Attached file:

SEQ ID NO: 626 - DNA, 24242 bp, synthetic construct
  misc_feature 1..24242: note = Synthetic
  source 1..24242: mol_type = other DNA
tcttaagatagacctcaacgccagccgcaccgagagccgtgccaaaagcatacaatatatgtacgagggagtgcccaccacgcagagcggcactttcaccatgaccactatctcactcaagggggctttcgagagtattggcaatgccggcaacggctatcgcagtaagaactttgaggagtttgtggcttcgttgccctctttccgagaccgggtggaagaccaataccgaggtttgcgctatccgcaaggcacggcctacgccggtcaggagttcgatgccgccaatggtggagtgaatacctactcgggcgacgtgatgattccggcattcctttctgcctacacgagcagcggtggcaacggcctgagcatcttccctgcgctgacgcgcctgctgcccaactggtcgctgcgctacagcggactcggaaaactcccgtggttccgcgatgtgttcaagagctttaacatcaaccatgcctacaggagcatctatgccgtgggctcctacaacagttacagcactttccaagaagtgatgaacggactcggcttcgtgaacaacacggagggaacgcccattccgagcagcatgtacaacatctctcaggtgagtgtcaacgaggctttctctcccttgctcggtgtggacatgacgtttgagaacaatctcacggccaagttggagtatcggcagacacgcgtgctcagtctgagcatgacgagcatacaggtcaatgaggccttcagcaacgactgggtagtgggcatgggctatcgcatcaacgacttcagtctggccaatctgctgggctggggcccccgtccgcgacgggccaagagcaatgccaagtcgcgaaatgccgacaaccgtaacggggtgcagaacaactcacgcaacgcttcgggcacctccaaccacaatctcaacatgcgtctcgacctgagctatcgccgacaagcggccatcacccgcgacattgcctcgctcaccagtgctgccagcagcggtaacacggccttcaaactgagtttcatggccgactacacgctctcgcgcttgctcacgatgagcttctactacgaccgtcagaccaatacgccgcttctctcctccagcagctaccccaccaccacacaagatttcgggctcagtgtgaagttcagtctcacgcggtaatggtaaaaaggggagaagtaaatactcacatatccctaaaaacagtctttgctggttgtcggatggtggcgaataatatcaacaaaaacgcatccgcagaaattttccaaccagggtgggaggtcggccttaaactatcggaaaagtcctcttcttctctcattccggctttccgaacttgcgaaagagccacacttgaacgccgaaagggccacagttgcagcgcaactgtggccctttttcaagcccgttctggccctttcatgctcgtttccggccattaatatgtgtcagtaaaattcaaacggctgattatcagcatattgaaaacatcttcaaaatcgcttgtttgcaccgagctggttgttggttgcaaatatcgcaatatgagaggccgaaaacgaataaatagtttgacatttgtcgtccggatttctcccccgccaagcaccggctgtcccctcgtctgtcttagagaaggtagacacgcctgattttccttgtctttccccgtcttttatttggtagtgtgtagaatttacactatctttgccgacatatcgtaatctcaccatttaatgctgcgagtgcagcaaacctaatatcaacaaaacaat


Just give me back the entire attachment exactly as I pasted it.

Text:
SEQ ID NO: 626 - DNA, 24242 bp, synthetic construct
  misc_feature 1..24242: note = Synthetic
  source 1..24242: mol_type = other DNA
tcttaagatagacctcaacgccagccgcaccgagagccgtgccaaaagcatacaatatatgtacgagggagtgcccaccacgcagagcggcactttcaccatgaccactatctcactcaagggggctttcgagagtattggcaatgccggcaacggctatcgcagtaagaactttgaggagtttgtggcttcgttgccctctttccgagaccgggtggaagaccaataccgaggtttgcgctatccgcaaggcacggcctacgccggtcaggagttcgatgccgccaatggtggagtgaatacctactcgggcgacgtgatgattccggcattcctttctgcctacacgagcagcggtggcaacggcctgagcatcttccctgcgctgacgcgcctgctgcccaactggtcgctgcgctacagcggactcggaaaactcccgtggttccgcgatgtgttcaagagctttaacatcaaccatgcctacaggagcatctatgccgtgggctcctacaacagttacagcactttccaagaagtgatgaacggactcggcttcgtgaacaacacggagggaacgcccattccgagcagcatgtacaacatctctcaggtgagtgtcaacgaggctttctctcccttgctcggtgtggacatgacgtttgagaacaatctcacggccaagttggagtatcggcagacacgcgtgctcagtctgagcatgacgagcatacaggtcaatgaggccttcagcaacgactgggtagtgggcatgggctatcgcatcaacgacttcagtctggccaatctgctgggctggggcccccgtccgcgacgggccaagagcaatgccaagtcgcgaaatgccgacaaccgtaacggggtgcagaacaactcacgcaacgcttcgggcacctccaaccacaatctcaacatgcgtctcgacctgagctatcgccgacaagcggccatcacccgcgacattgcctcgctcaccagtgctgccagcagcggtaacacggccttcaaactgagtttcatggccgactacacgctctcgcgcttgctcacgatgagcttctactacgaccgtcagaccaatacgccgcttctctcctccagcagctaccccaccaccacacaagatttcgggctcagtgtgaagttcagtctcacgcggtaatggtaaaaaggggagaagtaaatactcacatatccctaaaaacagtctttgctggttgtcggatggtggcgaataatatcaacaaaaacgcatccgcagaaattttccaaccagggtgggaggtcggccttaaactatcggaaaagtcctcttcttctctcattccggctttccgaacttgcgaaagagccacacttgaacgccgaaagggccacagttgcagcgcaactgtggccctttttcaagcccgttctggccctttcatgctcgtttccggccattaatatgtgtcagtaaaattcaaacggctgattatcagcatattgaaaacatcttcaaaatcgcttgtttgcaccgagctggttgttggttgcaaatatcgcaatatgagaggccgaaaacgaataaatagtttgacatttgtcgtccggatttctcccccgccaagcaccggctgtcccctcgtctgtcttagagaaggtagacacgcctgattttccttgtctttccccgtcttttatttggtagtgtgtagaatttacactatctttgccgacatatcgtaatctcaccatttaatgctgcgagtgcagcaaacctaatatcaacaaaacaat